1 Job–4 EHRs
At my new job, I yet again had to learn one office EHR, a different hospital EHR and at least two more with which I must become familiar to become a full member of the local rheumatology coverage team. Of course, none of these programs talks to another. You must log into each system separately, and each has a different password and security requirements. Simply remembering what are recommended to be different passwords is a full-time job.
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Explore This IssueApril 2015
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Lost Patient Time
While it seems ages, it has not been too long since the EHR made our acquaintance. Less than a decade ago, I worked in a busy clinic when it acquired its first EHR. I recall that we lost a tremendous amount of patient time learning how to use the highly touted and expensive new system. The next thing I knew, we had the vendor’s certified technological representatives lurking about. In theory, they were there to help us, but they somehow always managed to be on break or at lunch or using the bathroom and, hence, were never around when needed.
One day, we logged on and saw only an ominous dark screen where our notes should have been safely stored, forever lost in a black hole of electronic patient data. Then, a month later, after enormous loss of money and time that otherwise could have been devoted to patient care, a whole new system was purchased.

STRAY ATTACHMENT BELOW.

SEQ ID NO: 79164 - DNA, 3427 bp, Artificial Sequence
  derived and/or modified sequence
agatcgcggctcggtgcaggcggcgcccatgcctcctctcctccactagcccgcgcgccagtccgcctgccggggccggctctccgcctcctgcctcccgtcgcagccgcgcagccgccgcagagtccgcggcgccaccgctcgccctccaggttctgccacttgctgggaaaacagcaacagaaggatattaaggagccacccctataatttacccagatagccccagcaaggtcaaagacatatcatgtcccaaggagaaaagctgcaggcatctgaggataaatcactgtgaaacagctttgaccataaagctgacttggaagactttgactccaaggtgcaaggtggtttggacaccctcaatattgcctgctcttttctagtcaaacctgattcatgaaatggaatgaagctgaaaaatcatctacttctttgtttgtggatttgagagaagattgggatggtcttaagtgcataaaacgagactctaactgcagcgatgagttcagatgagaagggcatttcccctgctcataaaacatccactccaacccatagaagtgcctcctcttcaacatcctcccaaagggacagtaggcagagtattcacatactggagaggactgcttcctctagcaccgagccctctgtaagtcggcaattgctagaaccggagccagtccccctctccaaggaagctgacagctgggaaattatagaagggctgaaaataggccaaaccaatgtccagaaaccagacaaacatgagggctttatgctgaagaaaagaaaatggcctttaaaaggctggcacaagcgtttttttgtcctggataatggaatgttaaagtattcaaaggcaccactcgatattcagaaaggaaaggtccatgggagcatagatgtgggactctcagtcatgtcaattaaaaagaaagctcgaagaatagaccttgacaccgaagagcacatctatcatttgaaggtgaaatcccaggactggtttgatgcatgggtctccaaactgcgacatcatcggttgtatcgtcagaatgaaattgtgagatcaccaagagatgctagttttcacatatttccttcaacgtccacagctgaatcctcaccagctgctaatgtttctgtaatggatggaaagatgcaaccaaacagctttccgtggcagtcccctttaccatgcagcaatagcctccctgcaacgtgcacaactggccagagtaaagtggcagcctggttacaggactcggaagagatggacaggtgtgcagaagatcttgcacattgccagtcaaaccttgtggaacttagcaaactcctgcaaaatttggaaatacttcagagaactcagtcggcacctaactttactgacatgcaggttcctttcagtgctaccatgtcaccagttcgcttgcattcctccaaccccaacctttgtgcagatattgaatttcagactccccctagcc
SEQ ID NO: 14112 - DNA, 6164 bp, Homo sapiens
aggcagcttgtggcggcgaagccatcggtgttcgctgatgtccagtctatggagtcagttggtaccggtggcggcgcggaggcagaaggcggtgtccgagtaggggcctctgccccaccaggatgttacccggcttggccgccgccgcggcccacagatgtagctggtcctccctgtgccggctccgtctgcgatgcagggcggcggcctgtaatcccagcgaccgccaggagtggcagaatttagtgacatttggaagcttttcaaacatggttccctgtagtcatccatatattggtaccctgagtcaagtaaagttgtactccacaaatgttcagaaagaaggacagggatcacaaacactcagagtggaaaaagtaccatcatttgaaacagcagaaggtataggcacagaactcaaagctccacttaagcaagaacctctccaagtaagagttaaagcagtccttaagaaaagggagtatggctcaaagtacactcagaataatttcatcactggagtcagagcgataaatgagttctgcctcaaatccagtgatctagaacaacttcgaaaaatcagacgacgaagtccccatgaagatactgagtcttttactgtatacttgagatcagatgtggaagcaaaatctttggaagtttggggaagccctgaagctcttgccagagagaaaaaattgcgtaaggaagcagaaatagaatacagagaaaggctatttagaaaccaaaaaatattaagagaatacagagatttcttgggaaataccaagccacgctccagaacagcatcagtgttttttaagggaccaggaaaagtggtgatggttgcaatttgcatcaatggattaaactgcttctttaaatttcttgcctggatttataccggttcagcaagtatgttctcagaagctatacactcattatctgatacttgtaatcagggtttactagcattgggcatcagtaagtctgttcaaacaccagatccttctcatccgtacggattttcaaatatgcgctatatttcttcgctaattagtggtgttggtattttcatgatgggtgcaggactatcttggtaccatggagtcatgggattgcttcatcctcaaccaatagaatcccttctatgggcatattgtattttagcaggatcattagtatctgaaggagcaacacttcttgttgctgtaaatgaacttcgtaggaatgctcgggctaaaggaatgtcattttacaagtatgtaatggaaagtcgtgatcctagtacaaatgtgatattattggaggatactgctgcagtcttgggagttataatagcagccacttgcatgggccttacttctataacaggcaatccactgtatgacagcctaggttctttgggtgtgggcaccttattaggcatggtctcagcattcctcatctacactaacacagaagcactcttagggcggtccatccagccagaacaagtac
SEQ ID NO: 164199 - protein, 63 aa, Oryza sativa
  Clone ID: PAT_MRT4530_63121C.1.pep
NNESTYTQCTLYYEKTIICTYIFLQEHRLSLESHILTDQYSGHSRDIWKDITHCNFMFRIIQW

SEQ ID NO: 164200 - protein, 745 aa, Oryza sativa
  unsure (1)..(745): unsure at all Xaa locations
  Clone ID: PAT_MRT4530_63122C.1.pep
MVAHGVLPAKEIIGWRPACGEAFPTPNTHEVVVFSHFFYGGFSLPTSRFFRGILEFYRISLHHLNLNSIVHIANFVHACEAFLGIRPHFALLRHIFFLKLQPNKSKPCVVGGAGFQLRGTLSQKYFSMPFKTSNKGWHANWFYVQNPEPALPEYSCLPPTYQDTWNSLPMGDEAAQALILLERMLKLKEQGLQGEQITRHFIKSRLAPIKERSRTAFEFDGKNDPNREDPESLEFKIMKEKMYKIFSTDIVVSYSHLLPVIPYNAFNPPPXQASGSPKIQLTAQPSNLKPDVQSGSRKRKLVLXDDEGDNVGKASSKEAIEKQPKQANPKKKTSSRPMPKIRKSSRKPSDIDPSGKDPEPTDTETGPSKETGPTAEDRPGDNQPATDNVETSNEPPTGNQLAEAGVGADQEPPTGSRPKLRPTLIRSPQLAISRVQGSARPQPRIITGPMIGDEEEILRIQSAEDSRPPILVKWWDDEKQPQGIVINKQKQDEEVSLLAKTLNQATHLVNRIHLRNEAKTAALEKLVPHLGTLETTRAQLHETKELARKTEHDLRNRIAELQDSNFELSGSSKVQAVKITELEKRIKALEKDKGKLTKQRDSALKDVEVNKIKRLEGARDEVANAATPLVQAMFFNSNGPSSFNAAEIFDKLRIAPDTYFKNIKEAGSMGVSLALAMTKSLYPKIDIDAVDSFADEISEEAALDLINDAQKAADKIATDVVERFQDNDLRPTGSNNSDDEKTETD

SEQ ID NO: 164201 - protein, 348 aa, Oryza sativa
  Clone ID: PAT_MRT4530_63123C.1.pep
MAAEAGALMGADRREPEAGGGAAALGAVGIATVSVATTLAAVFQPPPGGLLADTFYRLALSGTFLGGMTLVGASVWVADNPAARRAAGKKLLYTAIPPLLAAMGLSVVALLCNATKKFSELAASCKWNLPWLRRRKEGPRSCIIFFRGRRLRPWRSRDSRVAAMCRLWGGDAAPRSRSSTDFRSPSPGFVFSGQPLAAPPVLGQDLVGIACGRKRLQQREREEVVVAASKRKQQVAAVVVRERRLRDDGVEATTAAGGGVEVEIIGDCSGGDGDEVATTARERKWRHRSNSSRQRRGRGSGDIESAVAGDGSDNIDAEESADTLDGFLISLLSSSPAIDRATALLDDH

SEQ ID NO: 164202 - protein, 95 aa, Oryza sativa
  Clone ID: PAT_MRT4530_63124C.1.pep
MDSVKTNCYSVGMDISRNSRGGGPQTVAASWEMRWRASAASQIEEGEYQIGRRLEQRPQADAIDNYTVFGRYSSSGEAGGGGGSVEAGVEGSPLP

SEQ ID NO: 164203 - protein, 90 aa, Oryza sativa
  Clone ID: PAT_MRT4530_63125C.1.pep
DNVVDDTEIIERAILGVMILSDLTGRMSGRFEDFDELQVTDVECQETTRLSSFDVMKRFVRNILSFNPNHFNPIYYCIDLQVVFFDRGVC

Driving Rheumatologists Out
It’s sad that this EHR critique jumps from the keyboard of a relatively young physician. It’s not surprising when you hear the same complaints from mentor-level rheumatologists, with years of wisdom and experience, who leave their chosen profession due to EHR issues.
During my recent job search, I was upset to hear two independent rheumatologists describe to me how much trouble they have with EHRs. One retired early in order to avoid the issue altogether, and the other was looking to hire a young, presumably tech-savvy, associate to handle the headaches of transitioning from paper to EHR. I find it disturbing to have lost even one well-qualified doctor due to EHR issues at a time of both primary care and specialty shortages.
But here we are, and we have no choice but to function in a less-than-optimal system. I really don’t care who would realize the profit, but my hope would be to someday have, if not one universal EHR, at least one system through which they all must be able to quickly and easily communicate with one another. I dream of an EHR that might allow me to treat a patient while looking them in the eye instead of into the sightless eye of the computer screen.